Emma Muldoon in her Wheelchair Accessible Vehicle (WAV)

Working with a WAV

My name is Emma, and I’m a disabled writer, content creator, and accessibility consultant. I began my writing career by sharing my travel experiences as a full-time powerchair user on my blog (Simply Emma) ten years ago. What started as a writing hobby in my spare time while I was in full-time employment has developed in ways I never expected, and these days I’m travelling across the UK in my wheelchair accessible vehicle (WAV) as a self-employed freelancer.

How my WAV supports me to work

A big part of my job involves travelling. Being a Motability Scheme customer for almost twenty years has given me access to various Wheelchair Accessible Vehicles (WAVs). These vehicles have helped me a lot. They let me keep working, try new things and take on new opportunities that would otherwise be hard without my WAV.

My WAV gives me the freedom that public transport cannot

My job changes from week to week. Some days, I go to meetings and work events. Other times, I’m on long road trips, visiting different places to review the accessibility of hotels, event spaces, and transportation. My WAV gives me the freedom to do this comfortably and on my terms. I can work at times that suit me depending on my care needs, health, and workload for that day.  

Relying on public transport for work and meetings would be stressful for me. I do not have easy access to a bus stop or train station from my home as it’s quite far away and the pathways are not accessible. 

My WAV gives me independence to travel for work  

Having a WAV has allowed me to go for a job I love and take advantage of exciting opportunities in Scotland, which is where I live. It also means I can take opportunities across the entire UK. This is possible because I can easily store my equipment in my WAV while I travel. It’s especially crucial because I depend on my mobile hoist when I travel for work.  

Without my WAV, my work options would be limited to closer to my home. I would have to carry my heavy equipment on public transport, which would be hard. Or, I would have to spend a lot of money to rent mobility equipment when I get to my destination.

Emma at photoshoot for work

My experience finding work with a disability

Like many disabled people, finding and maintaining work has been difficult. There have been many challenges and barriers to work around. It took me two years to find a job after finishing university. I applied for countless jobs and went to a handful of interviews during that time.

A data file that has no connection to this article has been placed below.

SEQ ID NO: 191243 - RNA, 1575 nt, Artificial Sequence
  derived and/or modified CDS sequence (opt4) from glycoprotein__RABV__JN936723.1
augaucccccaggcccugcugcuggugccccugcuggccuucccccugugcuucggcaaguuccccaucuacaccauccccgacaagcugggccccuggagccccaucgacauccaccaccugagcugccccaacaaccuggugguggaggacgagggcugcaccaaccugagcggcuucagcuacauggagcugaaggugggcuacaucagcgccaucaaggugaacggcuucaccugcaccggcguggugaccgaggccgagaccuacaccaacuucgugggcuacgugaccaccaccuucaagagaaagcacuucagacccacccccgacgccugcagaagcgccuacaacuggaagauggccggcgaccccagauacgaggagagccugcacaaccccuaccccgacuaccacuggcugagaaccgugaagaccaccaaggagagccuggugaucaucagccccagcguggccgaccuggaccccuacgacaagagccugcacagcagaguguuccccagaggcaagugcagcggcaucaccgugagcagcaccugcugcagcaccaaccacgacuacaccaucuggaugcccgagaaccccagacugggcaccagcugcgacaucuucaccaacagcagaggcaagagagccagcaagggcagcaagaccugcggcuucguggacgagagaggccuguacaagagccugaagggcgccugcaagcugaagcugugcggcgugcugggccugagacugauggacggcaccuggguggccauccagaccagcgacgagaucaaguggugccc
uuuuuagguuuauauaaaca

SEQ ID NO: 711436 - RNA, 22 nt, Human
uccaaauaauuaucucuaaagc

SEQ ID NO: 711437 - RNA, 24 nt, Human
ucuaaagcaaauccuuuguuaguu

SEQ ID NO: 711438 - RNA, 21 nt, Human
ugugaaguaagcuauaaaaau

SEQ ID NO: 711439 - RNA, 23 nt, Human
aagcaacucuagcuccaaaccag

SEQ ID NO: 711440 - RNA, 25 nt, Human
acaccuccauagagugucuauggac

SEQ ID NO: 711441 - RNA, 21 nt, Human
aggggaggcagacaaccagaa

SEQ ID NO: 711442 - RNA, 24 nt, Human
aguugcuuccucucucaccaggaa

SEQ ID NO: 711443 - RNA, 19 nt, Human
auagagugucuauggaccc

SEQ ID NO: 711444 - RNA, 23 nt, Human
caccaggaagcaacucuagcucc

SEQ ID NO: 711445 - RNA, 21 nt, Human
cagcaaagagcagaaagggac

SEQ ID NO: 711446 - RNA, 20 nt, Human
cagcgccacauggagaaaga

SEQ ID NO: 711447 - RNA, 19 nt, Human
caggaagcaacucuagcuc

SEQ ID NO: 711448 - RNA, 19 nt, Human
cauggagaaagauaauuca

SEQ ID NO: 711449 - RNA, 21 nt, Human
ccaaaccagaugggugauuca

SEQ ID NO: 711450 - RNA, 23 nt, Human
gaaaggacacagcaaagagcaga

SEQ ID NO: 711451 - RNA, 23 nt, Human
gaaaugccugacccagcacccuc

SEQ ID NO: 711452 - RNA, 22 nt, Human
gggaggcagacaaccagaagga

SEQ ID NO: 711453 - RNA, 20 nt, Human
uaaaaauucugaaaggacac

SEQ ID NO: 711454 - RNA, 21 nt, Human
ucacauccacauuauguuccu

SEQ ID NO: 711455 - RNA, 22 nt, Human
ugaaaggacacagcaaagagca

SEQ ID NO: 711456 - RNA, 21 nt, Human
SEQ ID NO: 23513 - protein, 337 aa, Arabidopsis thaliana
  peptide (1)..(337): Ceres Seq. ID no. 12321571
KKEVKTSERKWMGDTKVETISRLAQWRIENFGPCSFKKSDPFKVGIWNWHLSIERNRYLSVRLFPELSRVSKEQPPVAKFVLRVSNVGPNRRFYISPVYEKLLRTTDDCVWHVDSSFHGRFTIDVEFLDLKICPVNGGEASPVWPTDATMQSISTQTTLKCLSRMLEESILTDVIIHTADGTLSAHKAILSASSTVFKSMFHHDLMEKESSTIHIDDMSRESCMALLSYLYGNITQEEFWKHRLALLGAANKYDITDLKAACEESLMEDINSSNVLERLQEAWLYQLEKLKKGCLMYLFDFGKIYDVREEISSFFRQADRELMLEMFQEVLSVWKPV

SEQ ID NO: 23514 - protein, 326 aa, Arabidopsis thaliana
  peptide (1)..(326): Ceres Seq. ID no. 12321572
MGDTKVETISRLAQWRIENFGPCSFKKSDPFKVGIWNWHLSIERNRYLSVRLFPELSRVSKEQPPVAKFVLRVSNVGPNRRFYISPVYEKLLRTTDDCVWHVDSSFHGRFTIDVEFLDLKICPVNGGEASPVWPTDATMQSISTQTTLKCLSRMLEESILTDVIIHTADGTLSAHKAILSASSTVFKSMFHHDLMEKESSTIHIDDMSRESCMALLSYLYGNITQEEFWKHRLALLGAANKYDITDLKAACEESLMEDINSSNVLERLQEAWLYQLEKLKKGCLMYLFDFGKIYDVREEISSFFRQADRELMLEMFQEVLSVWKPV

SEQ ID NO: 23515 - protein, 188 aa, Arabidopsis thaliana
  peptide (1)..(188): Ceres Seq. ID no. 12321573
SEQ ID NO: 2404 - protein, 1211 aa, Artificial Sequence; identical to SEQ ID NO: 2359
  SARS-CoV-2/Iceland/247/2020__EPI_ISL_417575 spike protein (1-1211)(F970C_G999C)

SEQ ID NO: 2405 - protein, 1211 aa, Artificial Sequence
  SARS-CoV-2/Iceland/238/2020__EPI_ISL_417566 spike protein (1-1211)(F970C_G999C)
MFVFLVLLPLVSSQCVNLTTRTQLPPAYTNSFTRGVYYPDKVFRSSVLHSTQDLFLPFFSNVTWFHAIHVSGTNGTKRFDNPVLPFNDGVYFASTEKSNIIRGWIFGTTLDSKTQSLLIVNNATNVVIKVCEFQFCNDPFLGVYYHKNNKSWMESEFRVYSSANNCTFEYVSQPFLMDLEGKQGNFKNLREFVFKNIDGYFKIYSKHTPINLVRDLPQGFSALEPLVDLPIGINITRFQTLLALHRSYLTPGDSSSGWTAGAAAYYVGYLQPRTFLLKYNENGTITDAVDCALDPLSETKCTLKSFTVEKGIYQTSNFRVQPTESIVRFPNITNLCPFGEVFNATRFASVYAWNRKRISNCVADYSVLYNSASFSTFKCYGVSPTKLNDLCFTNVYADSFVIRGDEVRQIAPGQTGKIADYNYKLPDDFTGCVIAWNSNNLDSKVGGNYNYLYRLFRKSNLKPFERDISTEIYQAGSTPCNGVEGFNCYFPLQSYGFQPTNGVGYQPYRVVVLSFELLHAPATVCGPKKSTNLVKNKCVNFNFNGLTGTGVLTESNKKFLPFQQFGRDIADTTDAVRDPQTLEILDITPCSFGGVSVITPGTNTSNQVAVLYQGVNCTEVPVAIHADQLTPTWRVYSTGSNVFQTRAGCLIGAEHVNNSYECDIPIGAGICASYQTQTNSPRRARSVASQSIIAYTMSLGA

It was difficult to stay positive and motivated when I kept getting rejected. It’s tough to do, but it’s important to try and use the rejections as motivation to keep pushing through and get to where you want to be. 

Thankfully, after fifteen years, various adaptations, specialist equipment, and changes to my work pattern, I still work for the same organisation alongside my self-employed work.

Challenges and barriers to work

Not everybody with a disability or chronic illness can work, and not everyone who can work will experience the same barriers. But for me, those barriers did not end once I found employment. That’s why accessibility and independence are important for me and many others who are working with a disability. 

There were many things to think about. I had obstacles to overcome. I needed reasonable workplace adjustments to help me do my job. I also faced challenges getting ready for work. Commuting and navigating the workplace as a wheelchair user was difficult too. 

Employers must make changes to help disabled workers do their jobs. If employers cannot pay for these changes, there is a government program called Access to Work. This program can give money and support to help disabled people at work.

To find out more about working while claiming PIP, read this helpful guide.

How the Motability Scheme supports me

My Motability Scheme vehicle gives me the freedom and independence to go wherever I want, whenever I want. It also gives me hassle-free motoring with the full lease package. All the insurance, MOT, and servicing are taken care of, so I never have to worry about those things. 

Like the time when my WAV broke down on the way to the airport to catch a flight for a work trip and the RAC Motability Assist arrived within 25 minutes. Also, whenever I’ve needed a temporary replacement vehicle or new tyres, the Scheme has always had me covered and back on the road in no time.

You can read more about me and my travels on my blog Simply Emma.

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